Diversity vs. Inclusion: What’s the Difference?

Focus Area — Inclusion


How organizations think about diversity is shifting. Building a diverse organization remains a priority for employers, but there’s more to be done. In today’s workplace, companies need to think strategically about their inclusion efforts in order to support their diversity; doing this can lead to a positive impact on company culture, innovation, and the bottom line. To get there, let’s start with identifying the difference between diversity and inclusion. We’ll also take a closer look at the concept of intersectionality.

Diversity and Inclusion – complimentary but Distinct

The terms diversity and inclusion are often paired together, but it’s important to understand that they don’t mean the same thing. For example, it’s possible to achieve a statistically diverse workforce yet struggle to create an inclusive workplace culture. The Centre for Global Inclusion explains the terms as follows:

Diversity refers to the variety of similarities and differences among people, including but not limited to gender, gender identity, ethnicity, race, native or Indigenous origin, age, generation, sexual orientation, culture, religion, belief system, marital status, parental status, socio-economic difference, appearance, language and accent, disability, mental health, education, geography, nationality, work style, work experience, job role and function, thinking style, and personality type.

Inclusion is a dynamic state of operating in which diversity is leveraged to create a fair, healthy, and high-performing organization or community. An inclusive environment ensures equitable access to resources and opportunities for all. It also enables individuals and groups to feel safe, respected, engaged, motivated, and valued, for who they are and for their contributions toward organizational and societal goals.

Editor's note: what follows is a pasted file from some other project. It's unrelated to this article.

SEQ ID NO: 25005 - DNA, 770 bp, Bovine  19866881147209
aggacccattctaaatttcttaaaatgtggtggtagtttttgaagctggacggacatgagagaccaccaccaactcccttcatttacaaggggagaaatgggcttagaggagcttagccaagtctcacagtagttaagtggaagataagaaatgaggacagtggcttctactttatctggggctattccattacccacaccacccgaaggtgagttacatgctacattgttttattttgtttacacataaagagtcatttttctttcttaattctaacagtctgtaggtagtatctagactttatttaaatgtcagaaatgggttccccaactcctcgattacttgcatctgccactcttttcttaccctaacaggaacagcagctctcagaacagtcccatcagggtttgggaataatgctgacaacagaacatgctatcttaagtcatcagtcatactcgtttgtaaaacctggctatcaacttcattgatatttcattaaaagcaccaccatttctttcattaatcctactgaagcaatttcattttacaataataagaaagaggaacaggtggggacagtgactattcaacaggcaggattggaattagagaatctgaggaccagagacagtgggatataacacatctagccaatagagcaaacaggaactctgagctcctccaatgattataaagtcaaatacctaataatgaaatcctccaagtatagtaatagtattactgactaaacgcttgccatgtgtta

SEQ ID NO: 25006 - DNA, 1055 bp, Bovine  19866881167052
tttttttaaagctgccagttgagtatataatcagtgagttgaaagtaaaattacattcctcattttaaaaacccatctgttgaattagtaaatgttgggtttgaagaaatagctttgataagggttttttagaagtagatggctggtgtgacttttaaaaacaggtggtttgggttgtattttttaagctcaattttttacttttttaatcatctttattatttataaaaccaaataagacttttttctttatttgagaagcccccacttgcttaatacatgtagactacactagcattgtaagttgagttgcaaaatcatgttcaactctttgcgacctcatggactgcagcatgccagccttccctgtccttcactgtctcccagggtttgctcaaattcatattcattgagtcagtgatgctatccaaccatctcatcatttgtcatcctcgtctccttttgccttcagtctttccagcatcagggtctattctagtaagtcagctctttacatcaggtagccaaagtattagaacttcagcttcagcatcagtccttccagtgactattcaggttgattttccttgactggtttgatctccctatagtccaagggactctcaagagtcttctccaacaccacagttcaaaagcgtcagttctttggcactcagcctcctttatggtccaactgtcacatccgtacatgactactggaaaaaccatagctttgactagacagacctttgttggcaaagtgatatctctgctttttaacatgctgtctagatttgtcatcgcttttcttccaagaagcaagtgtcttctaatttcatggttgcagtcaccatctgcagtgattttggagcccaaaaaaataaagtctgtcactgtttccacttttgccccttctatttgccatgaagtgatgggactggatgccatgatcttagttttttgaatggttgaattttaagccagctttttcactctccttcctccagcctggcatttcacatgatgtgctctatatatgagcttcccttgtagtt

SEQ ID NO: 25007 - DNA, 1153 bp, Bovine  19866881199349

Achieving Inclusion Through an Intersectional Lens

Intersectionality is a term originally coined by Kimberlé Crenshaw in 1989 in her article Demarginalizing the Intersection of Race and Sex. Today, the term is also used as an approach for inclusion in the workplace. Intersectionality appreciates that what makes us who we are as individuals goes beyond the traditional diversity buckets of gender, religion, age, etc. We are shaped by our background, our culture, our personalities, and our experiences. Simply put, when it comes to inclusion in the workplace, intersectionality identifies that a one-sized approach does not fit all.

Putting Intersectionality to Work

With the goal to help organizations achieve an inclusive culture, The Conference Board of Canada is hosting the Inclusive Workplaces Conference on December 4th, 2019 in Toronto. . This year’s event will take a progressive approach to inclusion. The agenda will focus on intersectionality as a mindset to drive new ideas, improve the bottom line, and foster a positive culture.

Join us at the premium event as we connect, learn and share ways to drive a more inclusive workplace.

More: Where do we stand? The Conference Board of Canada’s Measuring Up report provides an overview of where Canadian organizations currently stand with respect to inclusion and diversity.

Amanda Daoust

Network Manager 

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